I would like to have the ability to let users submit arbitrary JavaScript code, which is then sent to a Node.JS server and safely executed before the output is sent back to multiple clients (as JSON). The eval function comes to mind, but I know this has multiple security concerns (the user submitted code would be able to access Node's File API, etc). I have seen some projects like Microsoft Web Sandbox and Google Caja which allow execution of sanitized markup and script (for embedding third-party ads on websites), but it seems that these are client-side tools and I'm not sure if they can be safely used within Node.

Is there a standard way to sandbox and execute non-trusted JavaScript in Node, getting the output. Is it a mistake to try and do this server-side?

EDIT: It's not important that the user be able to leverage the full capabilities of JavaScript, in fact it would be preferable to be able to pick and choose which APIs would be provided to the user code.

EDIT: I am going to go ahead and update with what I found. This Sandcastle module (bcoe/sandcastle) seems to aim to do what I have in mind. Not sure how secure it is, but since I this is not for anything too important I think I'll if try it. I'll add my own answer if I'm able to successfully do this.

  • 3
    I think this is a mistake, but you could try the node 'vm' stuff--nodejs.org/api/vm.html
    – JoshRagem
    Jul 7, 2013 at 14:57
  • 2
    This is for a programming game concept for fun, I can't trust the clients to execute the code. I want to do it server side for that reason and because the output will be serialized and sent to 1 or more other clients. It looks like the vm module or something wrapping it is what I want.
    – Cory Gross
    Jul 7, 2013 at 16:23
  • 4
    @CoryGross Did you find any vulnerabilities with sandcastle or sandbox? I am building something similar (allow users to submit js code) and your input would help me a lot :) Apr 8, 2014 at 7:40
  • 2
    There's a similar question (but older) with an interesting accepted answer (mentions some important issues) here: stackoverflow.com/questions/7446729/…
    – Akhorus
    Apr 20, 2015 at 13:53
  • 2
    I'm interested in how did you solved it. I had a similar question: stackoverflow.com/questions/32773981/… I "solved" it using VM, I'm still testing if there is any way to exploit my solution. Sep 30, 2015 at 1:54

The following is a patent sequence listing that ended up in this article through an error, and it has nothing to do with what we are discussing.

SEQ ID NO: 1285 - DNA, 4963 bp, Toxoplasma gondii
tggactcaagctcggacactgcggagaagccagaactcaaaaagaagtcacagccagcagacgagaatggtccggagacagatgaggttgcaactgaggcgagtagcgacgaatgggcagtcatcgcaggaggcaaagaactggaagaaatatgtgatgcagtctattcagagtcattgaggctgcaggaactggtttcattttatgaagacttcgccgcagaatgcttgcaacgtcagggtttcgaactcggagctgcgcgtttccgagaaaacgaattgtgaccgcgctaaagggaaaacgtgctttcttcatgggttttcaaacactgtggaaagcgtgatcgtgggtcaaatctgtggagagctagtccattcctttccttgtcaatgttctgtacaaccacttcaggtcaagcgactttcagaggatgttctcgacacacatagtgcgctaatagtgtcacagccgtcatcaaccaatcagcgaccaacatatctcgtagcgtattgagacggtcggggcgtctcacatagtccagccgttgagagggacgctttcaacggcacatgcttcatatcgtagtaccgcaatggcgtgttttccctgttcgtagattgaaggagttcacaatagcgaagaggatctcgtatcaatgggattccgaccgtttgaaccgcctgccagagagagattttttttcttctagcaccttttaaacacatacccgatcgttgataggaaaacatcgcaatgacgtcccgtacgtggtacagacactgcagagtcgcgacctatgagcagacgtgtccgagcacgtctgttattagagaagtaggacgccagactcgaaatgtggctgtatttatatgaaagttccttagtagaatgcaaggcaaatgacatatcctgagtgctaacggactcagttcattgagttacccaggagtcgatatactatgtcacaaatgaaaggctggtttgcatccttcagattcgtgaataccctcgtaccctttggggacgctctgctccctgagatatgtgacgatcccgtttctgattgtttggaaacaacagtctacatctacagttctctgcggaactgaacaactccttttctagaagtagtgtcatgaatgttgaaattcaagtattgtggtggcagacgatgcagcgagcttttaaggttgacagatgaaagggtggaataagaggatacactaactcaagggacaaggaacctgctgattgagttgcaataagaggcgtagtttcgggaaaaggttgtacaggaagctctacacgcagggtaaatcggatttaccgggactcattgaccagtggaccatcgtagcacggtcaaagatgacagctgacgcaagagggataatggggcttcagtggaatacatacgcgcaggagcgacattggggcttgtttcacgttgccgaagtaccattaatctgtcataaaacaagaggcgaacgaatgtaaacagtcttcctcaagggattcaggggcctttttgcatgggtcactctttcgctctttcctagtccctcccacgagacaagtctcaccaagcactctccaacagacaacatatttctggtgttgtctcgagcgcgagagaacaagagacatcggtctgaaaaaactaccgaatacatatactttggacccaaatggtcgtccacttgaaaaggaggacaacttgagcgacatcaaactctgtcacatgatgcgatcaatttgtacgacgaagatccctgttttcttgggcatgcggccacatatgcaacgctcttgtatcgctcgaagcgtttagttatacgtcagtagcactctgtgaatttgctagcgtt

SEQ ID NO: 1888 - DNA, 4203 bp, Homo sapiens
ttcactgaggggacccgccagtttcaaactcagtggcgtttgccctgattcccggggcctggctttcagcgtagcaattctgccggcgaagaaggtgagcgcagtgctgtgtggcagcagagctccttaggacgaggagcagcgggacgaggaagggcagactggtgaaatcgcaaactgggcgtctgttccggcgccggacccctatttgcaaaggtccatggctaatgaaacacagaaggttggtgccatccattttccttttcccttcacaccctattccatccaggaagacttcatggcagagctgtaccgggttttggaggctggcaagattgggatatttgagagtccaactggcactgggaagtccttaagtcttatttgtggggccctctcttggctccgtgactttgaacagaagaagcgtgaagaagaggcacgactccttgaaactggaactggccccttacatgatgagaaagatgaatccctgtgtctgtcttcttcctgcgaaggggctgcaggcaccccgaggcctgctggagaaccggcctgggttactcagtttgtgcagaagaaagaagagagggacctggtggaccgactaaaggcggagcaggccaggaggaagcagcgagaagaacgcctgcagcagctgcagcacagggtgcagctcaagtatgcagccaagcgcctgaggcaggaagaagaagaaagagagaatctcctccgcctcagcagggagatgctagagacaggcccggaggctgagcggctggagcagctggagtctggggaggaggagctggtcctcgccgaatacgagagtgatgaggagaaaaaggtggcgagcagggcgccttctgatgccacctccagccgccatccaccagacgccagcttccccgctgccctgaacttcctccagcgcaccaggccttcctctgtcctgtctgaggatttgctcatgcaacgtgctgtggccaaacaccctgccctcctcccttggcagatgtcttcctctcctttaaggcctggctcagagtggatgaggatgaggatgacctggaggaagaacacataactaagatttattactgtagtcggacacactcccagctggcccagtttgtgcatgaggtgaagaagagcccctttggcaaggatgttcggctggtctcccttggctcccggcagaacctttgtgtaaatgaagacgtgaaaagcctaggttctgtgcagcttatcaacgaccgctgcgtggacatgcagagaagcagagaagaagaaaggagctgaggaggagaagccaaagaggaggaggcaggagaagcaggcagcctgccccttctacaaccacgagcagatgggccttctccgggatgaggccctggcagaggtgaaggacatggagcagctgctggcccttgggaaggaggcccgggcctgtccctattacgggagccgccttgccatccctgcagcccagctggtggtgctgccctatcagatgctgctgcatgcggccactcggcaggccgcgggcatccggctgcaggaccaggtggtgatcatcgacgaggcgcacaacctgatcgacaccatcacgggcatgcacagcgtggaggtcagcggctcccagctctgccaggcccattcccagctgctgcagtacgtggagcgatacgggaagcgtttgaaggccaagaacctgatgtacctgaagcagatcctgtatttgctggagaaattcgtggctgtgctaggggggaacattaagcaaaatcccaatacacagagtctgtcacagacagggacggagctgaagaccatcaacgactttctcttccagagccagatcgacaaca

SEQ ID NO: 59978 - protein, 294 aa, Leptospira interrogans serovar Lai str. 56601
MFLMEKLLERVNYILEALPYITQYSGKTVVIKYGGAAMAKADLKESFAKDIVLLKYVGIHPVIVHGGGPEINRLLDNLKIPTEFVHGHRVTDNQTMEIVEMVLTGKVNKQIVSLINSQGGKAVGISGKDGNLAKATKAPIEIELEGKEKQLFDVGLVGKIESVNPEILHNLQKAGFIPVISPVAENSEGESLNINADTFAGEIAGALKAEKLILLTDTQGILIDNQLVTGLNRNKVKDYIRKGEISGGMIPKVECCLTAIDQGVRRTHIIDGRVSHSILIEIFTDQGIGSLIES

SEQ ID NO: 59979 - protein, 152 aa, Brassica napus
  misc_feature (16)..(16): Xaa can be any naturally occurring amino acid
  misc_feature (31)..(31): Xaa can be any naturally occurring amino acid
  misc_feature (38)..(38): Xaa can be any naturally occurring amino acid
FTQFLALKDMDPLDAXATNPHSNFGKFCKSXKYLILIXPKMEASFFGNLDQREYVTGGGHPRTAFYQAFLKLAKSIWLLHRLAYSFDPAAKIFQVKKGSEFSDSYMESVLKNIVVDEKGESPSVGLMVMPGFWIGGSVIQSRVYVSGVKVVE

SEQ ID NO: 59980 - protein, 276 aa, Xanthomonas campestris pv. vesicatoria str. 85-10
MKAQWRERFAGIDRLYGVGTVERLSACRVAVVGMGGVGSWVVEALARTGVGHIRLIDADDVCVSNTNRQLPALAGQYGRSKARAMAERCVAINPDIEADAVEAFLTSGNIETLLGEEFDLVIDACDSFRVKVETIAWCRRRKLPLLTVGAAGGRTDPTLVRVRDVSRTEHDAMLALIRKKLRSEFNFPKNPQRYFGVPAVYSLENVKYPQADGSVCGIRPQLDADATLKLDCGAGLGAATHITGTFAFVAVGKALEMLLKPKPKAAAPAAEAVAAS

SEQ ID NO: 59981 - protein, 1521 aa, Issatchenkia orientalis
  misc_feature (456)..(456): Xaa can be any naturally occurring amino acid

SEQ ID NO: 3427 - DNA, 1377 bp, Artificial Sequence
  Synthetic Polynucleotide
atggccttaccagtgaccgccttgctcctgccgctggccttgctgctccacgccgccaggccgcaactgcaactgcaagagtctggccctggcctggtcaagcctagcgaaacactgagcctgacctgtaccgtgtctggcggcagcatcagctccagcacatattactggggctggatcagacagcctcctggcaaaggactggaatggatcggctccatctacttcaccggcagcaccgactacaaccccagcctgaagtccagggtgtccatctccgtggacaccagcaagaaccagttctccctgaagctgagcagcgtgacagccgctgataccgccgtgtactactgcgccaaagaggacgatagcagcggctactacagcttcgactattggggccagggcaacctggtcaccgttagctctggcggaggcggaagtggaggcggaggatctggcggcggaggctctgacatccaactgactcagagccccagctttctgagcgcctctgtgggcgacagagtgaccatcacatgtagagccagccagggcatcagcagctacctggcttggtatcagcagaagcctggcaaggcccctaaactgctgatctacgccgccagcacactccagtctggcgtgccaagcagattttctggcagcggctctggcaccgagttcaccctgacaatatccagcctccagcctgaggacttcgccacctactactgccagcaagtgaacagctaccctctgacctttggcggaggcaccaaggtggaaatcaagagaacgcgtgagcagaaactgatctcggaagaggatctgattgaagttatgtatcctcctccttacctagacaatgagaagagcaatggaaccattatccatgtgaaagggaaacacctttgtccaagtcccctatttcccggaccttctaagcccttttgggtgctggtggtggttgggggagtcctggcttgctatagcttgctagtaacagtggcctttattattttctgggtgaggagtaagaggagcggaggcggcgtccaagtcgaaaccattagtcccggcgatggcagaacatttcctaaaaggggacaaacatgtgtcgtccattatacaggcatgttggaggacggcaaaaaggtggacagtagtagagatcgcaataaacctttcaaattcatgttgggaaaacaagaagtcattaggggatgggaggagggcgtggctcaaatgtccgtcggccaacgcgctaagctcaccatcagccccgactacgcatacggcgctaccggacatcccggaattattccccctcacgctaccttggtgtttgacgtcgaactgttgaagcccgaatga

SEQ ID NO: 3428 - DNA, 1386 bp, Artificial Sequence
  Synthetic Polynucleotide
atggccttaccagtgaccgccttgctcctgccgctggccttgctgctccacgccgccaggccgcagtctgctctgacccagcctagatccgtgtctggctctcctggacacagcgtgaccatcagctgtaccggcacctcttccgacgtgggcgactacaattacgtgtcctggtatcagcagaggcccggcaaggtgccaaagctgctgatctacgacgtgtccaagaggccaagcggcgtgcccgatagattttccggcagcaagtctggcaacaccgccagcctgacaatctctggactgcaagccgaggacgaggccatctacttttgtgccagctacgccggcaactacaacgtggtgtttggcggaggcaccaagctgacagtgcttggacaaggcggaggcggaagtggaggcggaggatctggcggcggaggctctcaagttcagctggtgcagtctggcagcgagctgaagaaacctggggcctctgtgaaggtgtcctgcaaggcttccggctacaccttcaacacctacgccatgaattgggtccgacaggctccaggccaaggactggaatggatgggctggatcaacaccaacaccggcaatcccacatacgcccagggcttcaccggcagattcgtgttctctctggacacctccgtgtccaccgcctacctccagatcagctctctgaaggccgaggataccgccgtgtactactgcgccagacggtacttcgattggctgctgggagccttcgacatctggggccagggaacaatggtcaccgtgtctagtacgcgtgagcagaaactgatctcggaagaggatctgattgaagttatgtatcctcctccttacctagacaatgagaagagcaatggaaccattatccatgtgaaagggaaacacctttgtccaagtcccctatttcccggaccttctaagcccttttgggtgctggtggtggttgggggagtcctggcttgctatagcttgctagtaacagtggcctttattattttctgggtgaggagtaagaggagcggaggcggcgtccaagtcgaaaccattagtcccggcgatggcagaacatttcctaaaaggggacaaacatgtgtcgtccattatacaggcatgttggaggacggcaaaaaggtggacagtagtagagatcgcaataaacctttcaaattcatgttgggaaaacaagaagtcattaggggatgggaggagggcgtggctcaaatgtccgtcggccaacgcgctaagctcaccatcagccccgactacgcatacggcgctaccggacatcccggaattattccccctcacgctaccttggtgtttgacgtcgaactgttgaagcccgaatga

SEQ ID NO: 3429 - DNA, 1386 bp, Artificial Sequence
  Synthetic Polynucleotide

5 Answers 5


You can use sandbox support in nodejs with vm.runInContext('js code', context), sample in api documentation:


const util = require('util');
const vm = require('vm');

const sandbox = { globalVar: 1 };

for (var i = 0; i < 10; ++i) {
    vm.runInContext('globalVar *= 2;', sandbox);

// { globalVar: 1024 }

WARN: As pointed by "s4y" it seems to be flawled. Please look at the comments.

  • 4
    This doesn't seem to be safe, e.g.: vm.runInNewContext('this.constructor.constructor("return process")().exit()'); (from the vm2 README: github.com/patriksimek/vm2).
    – s4y
    Apr 17, 2017 at 0:40
  • Is there any protection against infinite loops?
    – Qwertiy
    Jun 9, 2018 at 9:36
  • @Qwertiy you can use timeout in milliseconds like this vm.runInNewContext(while (true) 1, {}, {timeout: 1000});.
    – Serg
    Oct 25, 2018 at 9:33

One alternative would be to use http://github.com/patriksimek/vm2:

$ npm install vm2


const {VM} = require('vm2');
const vm = new VM();

vm.run(`1 + 1`);  // => 2

as mentioned in comments of other answers.

I don't know how secure it is, but it at least claims that it runs untrusted code securely (in its README). And I couldn't find any obvious security issues so far as solutions suggested in other answers here.


This answer is outdated as gf3 does not provide protection against sandbox breaking

http://gf3.github.io/sandbox/ - it uses require('child_process') instead of require('vm').

  • I am going to go ahead and accept, I will be looking at both sandbox and the sandcastle module I linked to above over the next few days. Thanks.
    – Cory Gross
    Jul 12, 2013 at 3:00
  • 2
    Don't mislead, gf3/sandbox uses both child process and vm modules, check the code. And all sandboxing solutions do the same. Nov 12, 2013 at 17:28
  • 8
    For future viewers, currently as it stands gf3 is exploitable and can be broken out of.
    – Tom C
    Aug 31, 2015 at 3:10
  • 3
    Caution! gf3/sandbox hasn't been updated in 1 year, and there's still an open issue where the sandbox can be broken out of: github.com/gf3/sandbox/issues/29 Sep 12, 2015 at 15:50

Under Node.js you may create a sandboxed child process, but you also need to append the code with "use strict";, otherwise it is possible to break the sandbox with arguments.callee.caller.

Not sure why you need to send it to the server, because the code may also be executed in a sandboxed web-worker.

Also take a look at my Jailed library which simplifies everything just mentioned for both Node.js and web-browser, and additionally provides an opportunity to export a set of functions into the sandbox.

  • 4
    At this time, Jailed is broken: github.com/asvd/jailed/issues/33
    – arve0
    Jul 27, 2016 at 1:06
  • @arve0 you are right, jailed was compromised under node, the fix is being prepared
    – asvd
    Jul 28, 2016 at 8:39
  • 3
    Alternative: github.com/patriksimek/vm2 Seem to be safe, but seing the log potential break outs, I would be careful.
    – arve0
    Jul 28, 2016 at 12:51

Depending on your usage, I'd suggest you also consider protecting your sandbox with a virtual environment like gVisor. You can find some info here.

Your Answer

By clicking “Post Your Answer”, you agree to our terms of service and acknowledge that you have read and understand our privacy policy and code of conduct.

Not the answer you're looking for? Browse other questions tagged or ask your own question.